Objectives (How you will measure your achievement of the outcome)
To write five blog posts about conflict resolution by March 3, 2011.
(This is an example of an output measurement because it’s a physical result.)

To give a presentation about conflict resolution by March 14, 2011.
(This is an example of an output measurement because it’s a physical result.)

For myself to believe that I have a solid understanding of conflict resolution by March 14, 2011.
(HT to Kelli for the outtake example. As Katie Paine explains in her “Measuring Public Relationships” book, an outtake is “how people think as a result of experiencing the outputs” (p. 3). An outcome measurement would be a behavioral result, such as having your resume personally delivered to HR by someone in the organization where you want to work.)

Strategies (How to achieve the objectives)
Conduct primary and secondary research about conflict resolution.

Tactics (Details for the strategies)
Read chapters from “Getting to Yes: Negotiating Agreement Without Giving In” by Fisher, Ury and Patton.

Read chapters from “Start With No: The Negotiating Tools That the Pros Don’t Want You to Know,” by Camp.

Read the chapter titled “Public Relations, Conflict Resolution, and Mediation” by Plowman in the book titled “The Future of Excellence in Public Relations and Communication Management” (pp. 85-102, edited by Toth).

Read “Hot Waste in Utah: Conflict in the Public Arena,” by Plowman in the academic journal titled “Journal of Public Relations Research” (volume 20, number four).

Interview a public relations practitioner who has experience with negotiating conflict.

Monitor the #conflict hashtag on Twitter at least weekly to identify cases to write about.

Read The New York Times and Drudge at least weekly to identify cases to write about.

Evaluation (How to measure whether you achieved your objectives)
This plan will be assessed by seeing whether I have written five blog posts about conflict resolution and whether I have delivered a presentation about conflict resolution. In addition, I will reflect about the extent to which I believe I have a solid understanding of conflict resolution.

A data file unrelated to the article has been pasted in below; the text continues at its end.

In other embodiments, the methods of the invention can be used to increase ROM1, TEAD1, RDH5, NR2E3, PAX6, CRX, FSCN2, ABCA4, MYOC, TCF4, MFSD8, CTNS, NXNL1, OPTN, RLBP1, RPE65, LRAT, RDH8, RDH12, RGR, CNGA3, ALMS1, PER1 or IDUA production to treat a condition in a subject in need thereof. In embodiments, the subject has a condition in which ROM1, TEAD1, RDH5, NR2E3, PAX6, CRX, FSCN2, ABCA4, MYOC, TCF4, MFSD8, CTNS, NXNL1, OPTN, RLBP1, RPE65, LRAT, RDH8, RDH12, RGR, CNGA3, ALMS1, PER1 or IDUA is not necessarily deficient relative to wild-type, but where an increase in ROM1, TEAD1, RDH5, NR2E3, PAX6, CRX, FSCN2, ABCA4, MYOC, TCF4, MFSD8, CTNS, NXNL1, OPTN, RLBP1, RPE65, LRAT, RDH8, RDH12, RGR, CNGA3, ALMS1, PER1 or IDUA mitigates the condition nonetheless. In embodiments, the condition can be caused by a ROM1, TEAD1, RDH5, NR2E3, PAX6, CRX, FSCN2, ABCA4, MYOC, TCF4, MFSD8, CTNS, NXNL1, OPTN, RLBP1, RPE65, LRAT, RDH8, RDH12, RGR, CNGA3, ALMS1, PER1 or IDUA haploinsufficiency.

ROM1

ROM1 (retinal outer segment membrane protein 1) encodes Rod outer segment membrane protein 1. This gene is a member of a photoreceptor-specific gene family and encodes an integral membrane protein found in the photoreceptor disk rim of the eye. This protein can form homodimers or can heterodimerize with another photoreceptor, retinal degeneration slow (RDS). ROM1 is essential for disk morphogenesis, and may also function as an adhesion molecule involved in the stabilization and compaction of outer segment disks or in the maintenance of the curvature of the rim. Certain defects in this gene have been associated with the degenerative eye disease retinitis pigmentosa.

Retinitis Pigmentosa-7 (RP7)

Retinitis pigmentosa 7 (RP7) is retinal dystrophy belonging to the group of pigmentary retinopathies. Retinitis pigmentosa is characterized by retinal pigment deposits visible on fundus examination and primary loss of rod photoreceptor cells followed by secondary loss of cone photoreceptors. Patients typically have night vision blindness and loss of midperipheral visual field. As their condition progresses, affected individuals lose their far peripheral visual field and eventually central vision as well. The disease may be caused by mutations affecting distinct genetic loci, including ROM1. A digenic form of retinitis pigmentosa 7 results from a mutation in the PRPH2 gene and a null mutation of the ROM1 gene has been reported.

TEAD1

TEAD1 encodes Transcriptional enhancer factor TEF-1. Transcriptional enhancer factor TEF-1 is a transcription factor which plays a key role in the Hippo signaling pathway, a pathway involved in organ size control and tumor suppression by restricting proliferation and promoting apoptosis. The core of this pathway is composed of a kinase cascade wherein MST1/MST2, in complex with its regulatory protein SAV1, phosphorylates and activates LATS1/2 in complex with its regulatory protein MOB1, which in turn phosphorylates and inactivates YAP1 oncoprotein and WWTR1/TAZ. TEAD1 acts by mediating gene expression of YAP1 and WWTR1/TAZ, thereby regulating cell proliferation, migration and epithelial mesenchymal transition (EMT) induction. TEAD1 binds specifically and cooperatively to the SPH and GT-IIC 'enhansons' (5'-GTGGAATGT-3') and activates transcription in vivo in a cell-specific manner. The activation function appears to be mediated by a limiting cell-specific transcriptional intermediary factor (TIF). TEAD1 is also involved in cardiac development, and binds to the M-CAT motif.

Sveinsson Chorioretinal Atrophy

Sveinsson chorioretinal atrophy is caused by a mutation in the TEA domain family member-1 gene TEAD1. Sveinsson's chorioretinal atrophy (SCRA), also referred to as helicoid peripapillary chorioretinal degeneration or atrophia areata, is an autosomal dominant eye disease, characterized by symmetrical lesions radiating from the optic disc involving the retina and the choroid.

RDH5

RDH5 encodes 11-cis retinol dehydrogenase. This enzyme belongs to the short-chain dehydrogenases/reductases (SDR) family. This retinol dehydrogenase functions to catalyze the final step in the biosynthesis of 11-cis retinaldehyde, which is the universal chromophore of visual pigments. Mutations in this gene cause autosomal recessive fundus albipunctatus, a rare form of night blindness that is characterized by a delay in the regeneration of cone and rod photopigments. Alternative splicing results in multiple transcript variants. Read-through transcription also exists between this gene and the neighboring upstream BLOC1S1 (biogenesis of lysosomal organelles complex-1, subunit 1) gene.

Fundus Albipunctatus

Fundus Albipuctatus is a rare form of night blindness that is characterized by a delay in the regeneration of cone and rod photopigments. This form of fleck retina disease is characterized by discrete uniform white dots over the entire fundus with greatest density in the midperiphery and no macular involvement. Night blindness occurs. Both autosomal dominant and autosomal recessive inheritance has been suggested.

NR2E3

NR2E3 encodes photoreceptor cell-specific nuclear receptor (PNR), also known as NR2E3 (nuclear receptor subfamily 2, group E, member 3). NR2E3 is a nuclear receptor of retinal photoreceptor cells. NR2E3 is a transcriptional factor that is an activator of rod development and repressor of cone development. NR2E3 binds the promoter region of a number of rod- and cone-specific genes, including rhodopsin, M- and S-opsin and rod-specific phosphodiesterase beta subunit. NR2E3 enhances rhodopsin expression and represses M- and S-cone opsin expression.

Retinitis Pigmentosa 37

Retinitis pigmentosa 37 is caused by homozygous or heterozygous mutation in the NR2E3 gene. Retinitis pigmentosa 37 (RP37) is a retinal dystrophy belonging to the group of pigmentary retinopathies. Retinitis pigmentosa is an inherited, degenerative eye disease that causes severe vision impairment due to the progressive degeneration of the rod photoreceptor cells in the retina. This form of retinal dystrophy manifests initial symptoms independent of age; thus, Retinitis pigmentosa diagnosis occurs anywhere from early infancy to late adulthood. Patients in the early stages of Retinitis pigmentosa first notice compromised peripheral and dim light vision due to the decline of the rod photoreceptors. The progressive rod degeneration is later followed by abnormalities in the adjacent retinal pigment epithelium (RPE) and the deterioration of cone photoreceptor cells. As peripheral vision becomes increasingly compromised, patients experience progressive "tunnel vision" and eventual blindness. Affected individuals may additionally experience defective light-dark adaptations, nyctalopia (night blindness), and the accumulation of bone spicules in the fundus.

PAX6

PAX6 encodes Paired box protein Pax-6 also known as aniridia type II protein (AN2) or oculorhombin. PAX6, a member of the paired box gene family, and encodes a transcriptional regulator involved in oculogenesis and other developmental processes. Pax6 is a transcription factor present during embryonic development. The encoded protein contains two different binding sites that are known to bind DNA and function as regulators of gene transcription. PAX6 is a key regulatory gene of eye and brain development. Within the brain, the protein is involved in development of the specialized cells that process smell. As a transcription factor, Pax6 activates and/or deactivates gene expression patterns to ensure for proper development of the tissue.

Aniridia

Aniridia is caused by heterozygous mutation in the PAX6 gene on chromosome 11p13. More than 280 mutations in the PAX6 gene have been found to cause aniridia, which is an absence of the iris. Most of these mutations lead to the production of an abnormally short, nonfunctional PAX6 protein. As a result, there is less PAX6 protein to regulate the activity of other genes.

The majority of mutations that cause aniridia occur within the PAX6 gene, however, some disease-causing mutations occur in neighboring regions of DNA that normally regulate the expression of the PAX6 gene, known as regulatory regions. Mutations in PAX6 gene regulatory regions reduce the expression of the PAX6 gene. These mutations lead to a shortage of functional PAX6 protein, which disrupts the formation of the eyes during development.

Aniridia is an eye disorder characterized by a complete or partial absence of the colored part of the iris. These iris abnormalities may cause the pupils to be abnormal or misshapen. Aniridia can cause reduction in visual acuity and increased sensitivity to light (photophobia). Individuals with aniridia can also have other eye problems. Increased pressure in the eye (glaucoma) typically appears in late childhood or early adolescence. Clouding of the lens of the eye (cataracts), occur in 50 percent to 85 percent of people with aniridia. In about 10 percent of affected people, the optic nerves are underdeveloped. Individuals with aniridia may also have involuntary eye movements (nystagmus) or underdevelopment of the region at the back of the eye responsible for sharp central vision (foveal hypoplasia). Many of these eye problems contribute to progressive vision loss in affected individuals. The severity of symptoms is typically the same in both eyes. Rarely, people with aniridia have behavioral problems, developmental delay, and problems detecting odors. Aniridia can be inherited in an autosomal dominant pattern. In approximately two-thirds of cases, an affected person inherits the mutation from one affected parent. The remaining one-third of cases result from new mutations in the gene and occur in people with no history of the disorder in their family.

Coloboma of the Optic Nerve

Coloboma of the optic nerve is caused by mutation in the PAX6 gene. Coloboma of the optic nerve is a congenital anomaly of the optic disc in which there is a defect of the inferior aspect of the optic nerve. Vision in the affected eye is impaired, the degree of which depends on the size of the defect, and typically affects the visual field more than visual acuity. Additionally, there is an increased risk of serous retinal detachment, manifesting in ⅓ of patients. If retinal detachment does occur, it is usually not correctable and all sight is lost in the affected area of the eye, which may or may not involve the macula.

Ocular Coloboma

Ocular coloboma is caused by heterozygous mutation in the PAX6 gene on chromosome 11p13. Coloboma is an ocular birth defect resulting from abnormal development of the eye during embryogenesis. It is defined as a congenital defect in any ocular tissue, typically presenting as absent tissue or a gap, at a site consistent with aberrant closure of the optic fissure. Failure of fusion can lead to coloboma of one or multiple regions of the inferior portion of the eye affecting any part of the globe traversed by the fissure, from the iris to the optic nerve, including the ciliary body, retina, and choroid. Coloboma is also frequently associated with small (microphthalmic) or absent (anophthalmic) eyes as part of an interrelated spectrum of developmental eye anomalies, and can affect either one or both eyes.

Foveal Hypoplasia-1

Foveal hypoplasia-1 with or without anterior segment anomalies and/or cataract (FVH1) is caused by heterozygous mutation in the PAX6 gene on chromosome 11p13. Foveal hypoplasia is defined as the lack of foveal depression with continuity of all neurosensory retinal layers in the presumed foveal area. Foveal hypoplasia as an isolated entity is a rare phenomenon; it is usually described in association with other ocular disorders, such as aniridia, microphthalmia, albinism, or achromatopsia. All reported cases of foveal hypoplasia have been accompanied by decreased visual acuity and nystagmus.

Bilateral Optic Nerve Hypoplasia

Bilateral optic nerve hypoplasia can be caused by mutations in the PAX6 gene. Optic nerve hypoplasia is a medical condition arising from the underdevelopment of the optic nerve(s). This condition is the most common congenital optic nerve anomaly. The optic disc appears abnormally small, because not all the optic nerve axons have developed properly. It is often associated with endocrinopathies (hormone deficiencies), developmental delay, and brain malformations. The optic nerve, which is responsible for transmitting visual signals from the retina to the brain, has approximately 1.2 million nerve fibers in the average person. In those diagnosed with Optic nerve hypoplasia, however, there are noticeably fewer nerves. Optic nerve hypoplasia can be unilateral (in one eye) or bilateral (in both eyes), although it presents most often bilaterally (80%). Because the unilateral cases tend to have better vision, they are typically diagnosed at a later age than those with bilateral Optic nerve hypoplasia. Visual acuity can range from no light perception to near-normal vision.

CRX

This is just one example; feel free to design a different plan. Below are some other examples of goals:

  • To position myself online as a public relations practitioner with a specialization in conflict resolution. This example is more focused on a branded digital footprint than the example used previously.
  • To position myself for a public relations internship at an agency in the Northwest on the public affairs team. This type of goal could be measured in various ways, so the objective could be something like “To obtain two job interviews with Northwest agencies by May 1, 2011.” The strategies and tactics sections would then be more traditional than the example I wrote out.

Personal Public Relations Plan: Points and Deadlines
The plan is worth 10 points and is due on Thursday, Jan. 27. Type your plan in black 12-point font on a high-quality print setting.

Grading Criteria for Personal Public Relations Plan

  • How is the writing quality? Check grammar, punctuation, spelling, brevity and AP Style. I’ll follow the quantitative rubric in the syllabus.
  • Are the goals, objectives, strategies, tactics and evaluation developed according to the rules presented in this description?
  • Are the objectives meaningful and achievable?
  • Is there at least one social media component?

Personal Public Relations Plan Report: Points and Deadlines
The report (including implementation) is worth five points and is due at the beginning of your week 10 meeting with me.

Grading Criteria for Personal Public Relations Plan Report

  • How is the writing quality? Check grammar, punctuation, spelling, brevity and AP Style. I’ll follow the quantitative rubric in the syllabus.
  • Are the goals, objectives, strategies, tactics and evaluation still developed according to the rules presented in this handout?
  • Is the writing tense correct for the report?
  • Were the objectives achieved? The objectives need to be achieved for a perfect score.

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Posted in Teaching | Tagged choose your own adventure, flexible assignment, pr, PR plan, public relations, public relations plan, social media, Teaching | 2 Comments

Public Relations Interview Questions

Are you seeking a public relations job, and have an interview scheduled? The interview questions asked for positions in public relations (PR) vary based on the type of job and the agency you are interviewing with.